Mums are busy people, and if we’re honest, we probably don’t pay enough attention to our pelvic floor. But we really should. OHbaby! fitness expert, physiotherapist Renée Vincent, reminds us that when your pelvic floor isn’t doing its job properly, the resulting problems can really reduce your quality of life. Consequences can include not being able to hold on to urine or constantly needing to go; difficulty in emptying your bladder or bowel; accidentally passing wind or losing control of your bowel; a prolapse (where the pelvic organs drop down lower into the pelvis and you feel a heaviness, pulling or dragging sensation); and pain in the pelvic area or pain during sex.
We’ve got plenty more to say on this topic, including articles to ‘coach’ you through pelvic floor routines.
And if you prefer to go digital, there’s always Elvie - a Kegel trainer you wear internally that tracks your progress via an app on your phone. Yep, it’s true.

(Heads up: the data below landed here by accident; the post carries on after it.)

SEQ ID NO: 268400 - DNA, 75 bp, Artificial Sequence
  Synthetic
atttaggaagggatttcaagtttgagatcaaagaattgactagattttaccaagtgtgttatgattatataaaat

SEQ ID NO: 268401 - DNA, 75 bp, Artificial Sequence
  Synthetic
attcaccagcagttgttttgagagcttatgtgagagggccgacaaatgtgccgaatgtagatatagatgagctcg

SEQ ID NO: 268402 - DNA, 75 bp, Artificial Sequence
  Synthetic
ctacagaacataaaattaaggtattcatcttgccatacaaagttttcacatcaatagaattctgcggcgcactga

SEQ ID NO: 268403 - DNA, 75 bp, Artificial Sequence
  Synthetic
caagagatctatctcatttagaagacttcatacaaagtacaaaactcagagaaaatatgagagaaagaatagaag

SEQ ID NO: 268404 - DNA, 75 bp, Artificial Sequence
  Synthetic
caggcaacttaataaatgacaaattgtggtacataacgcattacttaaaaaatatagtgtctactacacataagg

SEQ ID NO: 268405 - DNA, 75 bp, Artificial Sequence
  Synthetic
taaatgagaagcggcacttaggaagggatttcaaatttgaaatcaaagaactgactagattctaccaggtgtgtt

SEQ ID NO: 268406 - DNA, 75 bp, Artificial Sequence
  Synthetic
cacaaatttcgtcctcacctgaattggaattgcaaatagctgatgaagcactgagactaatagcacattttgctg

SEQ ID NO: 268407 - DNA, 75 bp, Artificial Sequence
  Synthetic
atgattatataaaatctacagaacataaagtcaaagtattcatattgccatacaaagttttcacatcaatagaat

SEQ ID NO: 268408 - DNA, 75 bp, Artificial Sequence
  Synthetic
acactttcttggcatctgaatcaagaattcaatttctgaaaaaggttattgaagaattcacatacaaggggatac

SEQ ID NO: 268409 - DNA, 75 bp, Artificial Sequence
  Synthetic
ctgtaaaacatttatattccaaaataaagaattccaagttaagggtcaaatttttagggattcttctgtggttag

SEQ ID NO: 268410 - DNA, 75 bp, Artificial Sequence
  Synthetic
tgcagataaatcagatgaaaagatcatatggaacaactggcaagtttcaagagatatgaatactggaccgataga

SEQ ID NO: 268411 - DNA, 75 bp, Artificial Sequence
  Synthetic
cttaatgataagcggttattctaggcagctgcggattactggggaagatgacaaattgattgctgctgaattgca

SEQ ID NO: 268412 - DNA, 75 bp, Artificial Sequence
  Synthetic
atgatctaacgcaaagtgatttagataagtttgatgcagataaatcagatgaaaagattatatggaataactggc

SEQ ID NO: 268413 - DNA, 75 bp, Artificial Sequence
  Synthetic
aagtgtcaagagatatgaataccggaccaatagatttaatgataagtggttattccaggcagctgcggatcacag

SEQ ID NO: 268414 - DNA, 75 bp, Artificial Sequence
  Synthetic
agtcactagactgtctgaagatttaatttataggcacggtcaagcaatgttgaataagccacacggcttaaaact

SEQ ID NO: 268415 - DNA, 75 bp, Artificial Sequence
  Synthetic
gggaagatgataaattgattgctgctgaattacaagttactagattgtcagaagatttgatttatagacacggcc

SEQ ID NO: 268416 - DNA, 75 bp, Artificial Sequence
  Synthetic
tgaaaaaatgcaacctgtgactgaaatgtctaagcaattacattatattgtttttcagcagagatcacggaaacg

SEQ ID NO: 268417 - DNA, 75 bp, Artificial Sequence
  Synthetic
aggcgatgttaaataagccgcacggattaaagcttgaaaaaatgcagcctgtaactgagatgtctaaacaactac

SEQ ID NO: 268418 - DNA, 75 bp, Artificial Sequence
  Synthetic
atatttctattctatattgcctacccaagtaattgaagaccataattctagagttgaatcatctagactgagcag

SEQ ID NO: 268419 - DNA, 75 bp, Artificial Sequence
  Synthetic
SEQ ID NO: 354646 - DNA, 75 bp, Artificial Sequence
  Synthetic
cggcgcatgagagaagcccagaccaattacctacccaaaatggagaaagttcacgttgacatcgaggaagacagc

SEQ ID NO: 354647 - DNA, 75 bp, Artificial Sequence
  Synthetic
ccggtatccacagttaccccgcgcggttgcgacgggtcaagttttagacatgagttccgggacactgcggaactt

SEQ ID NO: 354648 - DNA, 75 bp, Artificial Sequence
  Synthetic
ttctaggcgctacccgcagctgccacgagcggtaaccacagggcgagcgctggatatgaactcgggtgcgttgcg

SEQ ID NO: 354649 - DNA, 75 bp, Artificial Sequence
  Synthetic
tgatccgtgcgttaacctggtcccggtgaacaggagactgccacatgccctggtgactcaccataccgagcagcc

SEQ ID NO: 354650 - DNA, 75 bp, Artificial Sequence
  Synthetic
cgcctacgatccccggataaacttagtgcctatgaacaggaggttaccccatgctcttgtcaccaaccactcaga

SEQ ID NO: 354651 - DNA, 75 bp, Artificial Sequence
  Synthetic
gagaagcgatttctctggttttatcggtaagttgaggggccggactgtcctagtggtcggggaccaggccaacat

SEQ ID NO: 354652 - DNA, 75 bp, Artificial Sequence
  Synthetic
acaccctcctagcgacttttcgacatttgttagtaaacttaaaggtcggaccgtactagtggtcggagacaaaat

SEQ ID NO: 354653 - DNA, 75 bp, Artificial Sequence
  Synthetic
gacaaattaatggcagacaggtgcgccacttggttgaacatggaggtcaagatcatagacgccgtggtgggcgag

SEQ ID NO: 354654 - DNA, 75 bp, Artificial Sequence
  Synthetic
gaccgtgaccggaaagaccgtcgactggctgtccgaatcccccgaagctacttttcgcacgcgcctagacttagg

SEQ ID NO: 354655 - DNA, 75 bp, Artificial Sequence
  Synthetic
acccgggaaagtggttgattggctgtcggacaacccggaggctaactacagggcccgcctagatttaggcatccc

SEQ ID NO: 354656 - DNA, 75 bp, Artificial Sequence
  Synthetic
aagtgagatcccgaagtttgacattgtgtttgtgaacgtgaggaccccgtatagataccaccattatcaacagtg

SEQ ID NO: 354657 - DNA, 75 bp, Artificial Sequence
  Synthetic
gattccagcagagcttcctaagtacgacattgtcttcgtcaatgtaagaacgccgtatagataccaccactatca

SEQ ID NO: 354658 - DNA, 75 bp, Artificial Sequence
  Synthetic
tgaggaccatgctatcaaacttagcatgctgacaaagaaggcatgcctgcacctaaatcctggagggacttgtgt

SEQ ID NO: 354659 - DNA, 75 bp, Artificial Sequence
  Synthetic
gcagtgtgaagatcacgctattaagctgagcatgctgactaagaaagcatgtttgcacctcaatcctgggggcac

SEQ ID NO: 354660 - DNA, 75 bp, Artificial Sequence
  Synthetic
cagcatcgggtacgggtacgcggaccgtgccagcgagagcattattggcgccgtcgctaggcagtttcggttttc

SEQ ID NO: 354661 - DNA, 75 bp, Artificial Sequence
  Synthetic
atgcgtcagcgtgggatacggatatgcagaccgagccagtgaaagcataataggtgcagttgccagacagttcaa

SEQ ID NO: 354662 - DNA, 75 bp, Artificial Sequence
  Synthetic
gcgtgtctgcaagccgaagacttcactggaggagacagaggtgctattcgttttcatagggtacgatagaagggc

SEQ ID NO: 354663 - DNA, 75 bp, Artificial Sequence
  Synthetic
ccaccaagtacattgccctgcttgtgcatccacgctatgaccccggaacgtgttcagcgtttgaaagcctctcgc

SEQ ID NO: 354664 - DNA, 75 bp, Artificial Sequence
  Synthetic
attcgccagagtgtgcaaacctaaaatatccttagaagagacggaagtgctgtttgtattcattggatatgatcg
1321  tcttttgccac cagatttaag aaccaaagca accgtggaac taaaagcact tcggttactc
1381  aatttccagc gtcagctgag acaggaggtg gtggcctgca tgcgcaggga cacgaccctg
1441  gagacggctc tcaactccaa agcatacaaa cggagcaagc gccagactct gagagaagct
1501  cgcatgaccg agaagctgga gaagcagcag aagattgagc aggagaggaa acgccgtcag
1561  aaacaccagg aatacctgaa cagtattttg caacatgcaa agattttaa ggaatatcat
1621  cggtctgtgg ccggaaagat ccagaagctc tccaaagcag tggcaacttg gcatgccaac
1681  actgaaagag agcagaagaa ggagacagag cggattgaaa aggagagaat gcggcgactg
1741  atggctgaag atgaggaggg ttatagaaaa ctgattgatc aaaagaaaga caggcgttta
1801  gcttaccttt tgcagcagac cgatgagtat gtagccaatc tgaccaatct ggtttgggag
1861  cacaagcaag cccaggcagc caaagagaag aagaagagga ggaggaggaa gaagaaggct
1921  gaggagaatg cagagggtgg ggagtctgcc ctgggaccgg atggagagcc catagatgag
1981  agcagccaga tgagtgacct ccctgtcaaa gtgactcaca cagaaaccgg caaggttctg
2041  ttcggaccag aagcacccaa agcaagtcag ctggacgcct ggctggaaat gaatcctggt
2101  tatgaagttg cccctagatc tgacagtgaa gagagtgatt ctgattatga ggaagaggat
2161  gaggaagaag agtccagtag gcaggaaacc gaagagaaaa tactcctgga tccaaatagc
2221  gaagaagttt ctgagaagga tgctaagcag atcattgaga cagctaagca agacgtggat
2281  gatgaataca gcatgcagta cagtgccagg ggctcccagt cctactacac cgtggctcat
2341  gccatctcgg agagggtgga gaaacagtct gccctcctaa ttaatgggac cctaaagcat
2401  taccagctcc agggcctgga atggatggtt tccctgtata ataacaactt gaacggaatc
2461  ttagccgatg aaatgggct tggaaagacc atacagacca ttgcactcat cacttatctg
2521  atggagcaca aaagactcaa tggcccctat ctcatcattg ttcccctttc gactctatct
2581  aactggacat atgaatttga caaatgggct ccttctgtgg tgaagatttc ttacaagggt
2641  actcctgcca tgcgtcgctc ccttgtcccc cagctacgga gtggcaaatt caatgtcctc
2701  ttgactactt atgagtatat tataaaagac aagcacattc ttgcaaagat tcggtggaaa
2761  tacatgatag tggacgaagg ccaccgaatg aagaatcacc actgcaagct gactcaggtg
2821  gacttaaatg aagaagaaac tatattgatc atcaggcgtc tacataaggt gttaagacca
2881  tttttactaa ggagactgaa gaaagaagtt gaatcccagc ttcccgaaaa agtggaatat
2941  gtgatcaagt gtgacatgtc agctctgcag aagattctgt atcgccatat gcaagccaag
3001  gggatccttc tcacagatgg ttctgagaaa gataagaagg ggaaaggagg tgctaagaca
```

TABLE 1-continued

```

Other things you can do to help urinary incontinence include:
🌱 Avoid constipation.
🌱 Avoid coffee, citrus, tomatoes and soft drinks, as they can irritate the bladder.
🌱 Drink plenty of water, as cutting back brings a risk of dehydration and urinary tract infections.
🌱 Wear pads to absorb leaks. Check out Confitex, a brand creating highly functional (yet attractive) washable incontinence underwear. Their patented fabric absorbs moisture and provides all day-protection against awkward leaks and odours. And honestly truly, their knickers look good!
Meet Elvie, your most personal trainer, $329, elvie.com.
BLEEDING AND THE RETURN OF YOUR PERIOD
You might have heard that you’ll bleed after childbirth, but how much and for how long is not something many new mums are prepared for. Lochia, from the Greek word that means ‘relating to childbirth’, refers to vaginal discharge during the postpartum period. Lochia consists of blood, tissue shed from the lining of the uterus, and bacteria.
For the first few days after birth, lochia contains a lot of blood. It’ll be bright red and look like a heavy period. During pregnancy you have a lot more blood in your body so the blood loss following childbirth is something your body can cope with. Expect to change your maternity pad every hour or so initially. For the day or two following birth, many women make use of disposable changing mats (there are usually plenty of them on hand in maternity wards) – sitting or lying on them will protect bed linen. You might bleed intermittently in small gushes or the flow may be more steady.